I Never Felt Called to Adopt

April 27, 2016 adopting again, Family Stories, orphanage realities, orphanage visit, should we adopt? 5 Comments

I never felt called to adopt.

For me, adoption was simply the way God chose to build our family.

In 2011 we adopted our son Sean who is now seven years old. In 2013 we adopted our daughter Elliana who is now five. When people first started saying that adoption was a beautiful thing for me to do, I wasn’t sure how to respond. The adoption process certainly didn’t feel beautiful. If anything, the avalanche of paperwork made it feel clerical. It wasn’t until our first trip to China that I started to see the beauty of adoption. And as much as I love my son Sean, my change of heart had little to do with him.


While Sean was in China, he lived at a foster home in Beijing. He lived on the main campus for a year before being placed with a loving foster family nearby. One afternoon during our adoption trip, Kevin, Sean and I had lunch at the foster home cafeteria. As we sat down, I noticed a five year old boy named Bing at a nearby table. Bing was in a wheelchair patiently waiting for his foster dad to return with their food. Bing watched us for a moment with a small smile on his face. Then he quietly said in Chinese, “Sean’s got a mommy and daddy.”

He said it to no one in particular. He might not have even meant to say it out loud. It was as if his deep longing for a family spilled out of him in words.

“Sean’s got a mommy and daddy.”


He was happy for his friend, but his heartache was unmistakable. Like Sean, Bing had foster parents who loved him deeply and gave him exceptional care. But even the best care by substitute parents couldn’t erase his longing for a family of his own.

“Sean’s got a mommy and daddy.”

Until that moment, I didn’t think much about the profound loss that an orphan feels. After that moment, I couldn’t stop thinking about it. I saw it on Bing’s face in the cafeteria. I saw it in the fatherless boy who called my husband ‘daddy’ and jumped in his arms. I saw it in the six year old girl who squeezed into our family photo, and in the two year old boy who pulled me toward a swing and asked me to push him too.

As joyful as I was to be with my son, my heart ached for the ones who still waited. Not just at Sean’s foster home, but the 153 million orphans worldwide. After seeing Bing, I realized it didn’t matter whether or not I felt called.

I am called.

I am called to take up the cause of the fatherless (Isaiah 1:17). I am called to give justice to the poor and the orphan. I am called to uphold the rights of the oppressed and the destitute (Psalm 82:3).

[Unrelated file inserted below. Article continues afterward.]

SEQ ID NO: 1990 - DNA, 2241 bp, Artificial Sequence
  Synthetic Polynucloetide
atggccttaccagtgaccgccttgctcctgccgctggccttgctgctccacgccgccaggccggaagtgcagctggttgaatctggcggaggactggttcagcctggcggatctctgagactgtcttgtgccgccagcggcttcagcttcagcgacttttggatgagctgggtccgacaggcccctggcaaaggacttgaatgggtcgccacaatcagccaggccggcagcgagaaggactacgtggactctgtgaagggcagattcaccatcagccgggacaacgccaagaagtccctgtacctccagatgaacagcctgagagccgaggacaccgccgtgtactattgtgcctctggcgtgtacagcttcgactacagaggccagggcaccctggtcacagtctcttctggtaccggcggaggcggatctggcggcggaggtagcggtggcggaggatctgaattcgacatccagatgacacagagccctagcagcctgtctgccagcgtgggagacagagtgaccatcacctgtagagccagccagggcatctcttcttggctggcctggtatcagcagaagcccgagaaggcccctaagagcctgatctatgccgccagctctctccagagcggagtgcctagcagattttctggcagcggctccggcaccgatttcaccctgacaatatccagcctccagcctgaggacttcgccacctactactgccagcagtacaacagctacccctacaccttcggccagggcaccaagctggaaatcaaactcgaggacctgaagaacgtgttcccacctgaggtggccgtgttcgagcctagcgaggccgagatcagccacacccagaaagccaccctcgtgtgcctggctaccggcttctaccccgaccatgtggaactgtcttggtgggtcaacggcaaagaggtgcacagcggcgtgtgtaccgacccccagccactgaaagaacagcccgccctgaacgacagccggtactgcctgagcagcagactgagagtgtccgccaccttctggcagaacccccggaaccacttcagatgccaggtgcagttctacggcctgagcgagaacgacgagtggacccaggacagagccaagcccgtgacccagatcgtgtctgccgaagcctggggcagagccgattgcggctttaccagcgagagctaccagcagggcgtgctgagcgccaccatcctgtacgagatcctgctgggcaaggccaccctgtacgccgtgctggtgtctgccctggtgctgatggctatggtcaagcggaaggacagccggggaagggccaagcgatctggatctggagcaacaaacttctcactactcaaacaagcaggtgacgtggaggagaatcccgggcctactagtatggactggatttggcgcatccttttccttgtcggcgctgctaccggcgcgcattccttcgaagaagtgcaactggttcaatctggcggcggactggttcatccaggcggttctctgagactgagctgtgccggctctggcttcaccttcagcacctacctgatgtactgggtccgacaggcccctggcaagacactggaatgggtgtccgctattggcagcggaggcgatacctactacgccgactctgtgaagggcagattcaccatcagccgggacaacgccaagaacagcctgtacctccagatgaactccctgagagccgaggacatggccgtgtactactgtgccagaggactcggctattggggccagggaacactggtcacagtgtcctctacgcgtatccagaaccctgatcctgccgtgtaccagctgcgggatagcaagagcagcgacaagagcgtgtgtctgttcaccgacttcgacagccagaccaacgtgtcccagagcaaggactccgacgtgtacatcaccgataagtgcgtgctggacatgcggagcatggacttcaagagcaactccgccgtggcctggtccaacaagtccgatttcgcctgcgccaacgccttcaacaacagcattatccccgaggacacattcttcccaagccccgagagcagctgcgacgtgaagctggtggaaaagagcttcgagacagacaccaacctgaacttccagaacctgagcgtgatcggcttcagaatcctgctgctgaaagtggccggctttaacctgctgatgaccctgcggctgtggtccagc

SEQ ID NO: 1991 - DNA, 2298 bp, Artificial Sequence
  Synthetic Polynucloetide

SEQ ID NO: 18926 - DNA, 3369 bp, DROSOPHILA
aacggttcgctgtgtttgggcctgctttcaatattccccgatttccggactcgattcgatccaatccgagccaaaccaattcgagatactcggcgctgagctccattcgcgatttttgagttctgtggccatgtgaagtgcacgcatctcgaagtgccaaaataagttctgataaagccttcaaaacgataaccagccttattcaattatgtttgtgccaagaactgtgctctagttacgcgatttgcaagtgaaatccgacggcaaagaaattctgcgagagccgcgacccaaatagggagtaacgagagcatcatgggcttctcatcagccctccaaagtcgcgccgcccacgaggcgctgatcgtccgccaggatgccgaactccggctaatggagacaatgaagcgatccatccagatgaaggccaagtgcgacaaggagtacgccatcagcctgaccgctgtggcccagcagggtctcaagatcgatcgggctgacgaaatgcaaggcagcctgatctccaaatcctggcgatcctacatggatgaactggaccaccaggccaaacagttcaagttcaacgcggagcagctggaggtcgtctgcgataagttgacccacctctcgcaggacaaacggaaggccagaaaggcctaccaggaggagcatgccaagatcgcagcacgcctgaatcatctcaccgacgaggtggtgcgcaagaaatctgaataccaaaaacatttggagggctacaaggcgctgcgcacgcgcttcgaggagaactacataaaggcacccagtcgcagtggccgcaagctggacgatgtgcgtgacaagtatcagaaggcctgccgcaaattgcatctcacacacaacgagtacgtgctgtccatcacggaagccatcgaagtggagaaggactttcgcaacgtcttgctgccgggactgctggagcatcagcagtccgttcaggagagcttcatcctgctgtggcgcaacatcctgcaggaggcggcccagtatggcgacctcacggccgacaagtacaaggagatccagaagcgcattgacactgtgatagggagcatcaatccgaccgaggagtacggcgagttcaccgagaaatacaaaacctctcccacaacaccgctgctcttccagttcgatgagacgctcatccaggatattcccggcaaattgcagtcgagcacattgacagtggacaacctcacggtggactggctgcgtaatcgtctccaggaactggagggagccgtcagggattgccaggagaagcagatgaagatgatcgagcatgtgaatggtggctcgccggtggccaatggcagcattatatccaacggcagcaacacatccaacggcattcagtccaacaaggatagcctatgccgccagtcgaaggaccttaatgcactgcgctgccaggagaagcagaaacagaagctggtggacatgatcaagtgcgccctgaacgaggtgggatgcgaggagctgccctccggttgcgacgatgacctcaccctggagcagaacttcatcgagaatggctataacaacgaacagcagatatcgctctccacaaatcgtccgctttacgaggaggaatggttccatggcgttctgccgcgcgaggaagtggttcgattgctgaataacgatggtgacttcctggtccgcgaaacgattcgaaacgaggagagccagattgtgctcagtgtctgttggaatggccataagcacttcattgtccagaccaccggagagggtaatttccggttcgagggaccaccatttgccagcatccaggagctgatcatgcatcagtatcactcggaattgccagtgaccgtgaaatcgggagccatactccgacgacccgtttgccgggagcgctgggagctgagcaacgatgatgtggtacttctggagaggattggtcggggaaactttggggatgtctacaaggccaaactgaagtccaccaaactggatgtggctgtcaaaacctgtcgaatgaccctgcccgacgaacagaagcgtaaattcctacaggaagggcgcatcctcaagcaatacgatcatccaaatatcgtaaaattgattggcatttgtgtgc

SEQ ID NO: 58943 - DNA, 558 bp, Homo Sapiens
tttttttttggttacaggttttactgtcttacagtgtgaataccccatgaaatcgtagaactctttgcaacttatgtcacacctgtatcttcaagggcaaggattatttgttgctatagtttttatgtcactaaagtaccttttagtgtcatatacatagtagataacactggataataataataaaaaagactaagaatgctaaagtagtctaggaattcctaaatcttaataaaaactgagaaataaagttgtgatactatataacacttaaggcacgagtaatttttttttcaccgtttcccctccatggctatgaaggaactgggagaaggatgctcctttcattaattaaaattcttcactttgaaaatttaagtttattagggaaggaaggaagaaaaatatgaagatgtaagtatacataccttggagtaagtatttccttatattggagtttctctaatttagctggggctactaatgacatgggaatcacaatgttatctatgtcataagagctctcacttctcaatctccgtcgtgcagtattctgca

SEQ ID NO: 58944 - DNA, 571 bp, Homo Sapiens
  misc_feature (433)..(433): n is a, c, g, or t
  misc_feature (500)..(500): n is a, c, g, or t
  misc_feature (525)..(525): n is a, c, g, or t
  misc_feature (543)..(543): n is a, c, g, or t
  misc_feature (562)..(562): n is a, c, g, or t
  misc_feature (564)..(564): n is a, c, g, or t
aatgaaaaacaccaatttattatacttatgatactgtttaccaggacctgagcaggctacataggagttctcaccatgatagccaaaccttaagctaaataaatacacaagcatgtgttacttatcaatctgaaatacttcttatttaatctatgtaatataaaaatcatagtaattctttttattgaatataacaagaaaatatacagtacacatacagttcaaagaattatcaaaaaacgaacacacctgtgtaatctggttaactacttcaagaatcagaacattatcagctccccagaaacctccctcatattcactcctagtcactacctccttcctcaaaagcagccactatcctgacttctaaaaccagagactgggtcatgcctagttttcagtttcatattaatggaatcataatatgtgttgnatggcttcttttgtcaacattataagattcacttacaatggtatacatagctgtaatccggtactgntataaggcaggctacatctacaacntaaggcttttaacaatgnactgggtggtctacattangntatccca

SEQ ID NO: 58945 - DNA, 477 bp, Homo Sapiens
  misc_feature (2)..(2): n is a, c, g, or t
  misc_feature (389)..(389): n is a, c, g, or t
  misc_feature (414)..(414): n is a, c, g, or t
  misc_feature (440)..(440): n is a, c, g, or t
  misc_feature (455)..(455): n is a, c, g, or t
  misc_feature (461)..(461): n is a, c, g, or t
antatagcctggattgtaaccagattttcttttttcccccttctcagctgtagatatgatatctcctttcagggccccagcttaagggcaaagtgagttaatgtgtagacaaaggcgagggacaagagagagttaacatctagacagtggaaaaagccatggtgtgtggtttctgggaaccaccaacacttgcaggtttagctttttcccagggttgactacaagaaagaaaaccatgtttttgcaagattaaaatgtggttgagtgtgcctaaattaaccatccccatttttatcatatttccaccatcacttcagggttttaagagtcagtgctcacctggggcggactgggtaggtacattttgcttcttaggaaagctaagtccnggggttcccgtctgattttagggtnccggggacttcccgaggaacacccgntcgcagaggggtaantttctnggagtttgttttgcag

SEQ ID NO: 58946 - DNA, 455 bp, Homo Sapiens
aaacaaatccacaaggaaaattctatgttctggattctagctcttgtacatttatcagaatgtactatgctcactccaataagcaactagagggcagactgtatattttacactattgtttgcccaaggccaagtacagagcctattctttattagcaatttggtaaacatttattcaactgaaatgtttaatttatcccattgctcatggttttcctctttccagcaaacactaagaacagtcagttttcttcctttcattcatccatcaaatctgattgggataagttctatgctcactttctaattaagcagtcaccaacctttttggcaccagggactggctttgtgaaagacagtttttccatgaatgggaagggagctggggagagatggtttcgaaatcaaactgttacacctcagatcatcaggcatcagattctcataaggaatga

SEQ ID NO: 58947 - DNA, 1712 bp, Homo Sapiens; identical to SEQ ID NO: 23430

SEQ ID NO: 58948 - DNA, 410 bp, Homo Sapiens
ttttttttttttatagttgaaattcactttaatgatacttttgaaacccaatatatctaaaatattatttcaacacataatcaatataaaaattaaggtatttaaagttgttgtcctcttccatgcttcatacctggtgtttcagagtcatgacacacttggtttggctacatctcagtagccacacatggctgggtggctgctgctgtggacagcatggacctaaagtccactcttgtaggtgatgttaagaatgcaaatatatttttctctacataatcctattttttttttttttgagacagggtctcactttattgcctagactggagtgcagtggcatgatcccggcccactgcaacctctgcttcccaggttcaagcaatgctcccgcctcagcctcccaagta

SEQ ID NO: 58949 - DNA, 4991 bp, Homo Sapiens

I am called.


Because I was that orphan. Without God, I would be Fatherless. Without Christ, I would be destitute. Without the promise of His Kingdom to come, I would be left wondering how I would ever find Home.


Almost two years after our initial trip to China, Kevin and I returned to adopt Elliana. Once again I had people tell me that adoption was a beautiful thing. This time I agreed. Adoption is beautiful — not because of what I’ve done for my kids, but because of what God has done for me.

“I will not leave you as orphans. I will come to you…
Do not let your hearts be troubled and do not be afraid.”

John 14:18, 27

– guest post by Michelle

5 responses to “I Never Felt Called to Adopt”

  1. Erin says:

    Michelle, I recognize the playground in the picture. Our son is at the center now. I’d love to ask you some questions.

    • Michele says:

      Hi Erin!
      Send me a PM through the Shabby Chic Ministries Facebook page. If you put my name in the message, it will get to me.

      Looking forward to connecting!

  2. Karen says:

    “Sean’s got a mommy and daddy”…..talk about smashing your heart into a thousand pieces. Praying that Bing will get a mommy and daddy too….and realizing that there are sooooo many just like him.

  3. Deborah Dare says:

    This should be a required read for all those who are seeking the IVF treatment. Think of all the orphans in the world who are longing for a mommy and daddy.
    Thank you Michele, for the enlightenment.

  4. Stan Kratzer says:

    This story is wonderful. I am so happy for the both of you. It’s been so long since we were in Greensboro. Our adopted son is now 5 and going to kindergarten. It’s a journey.

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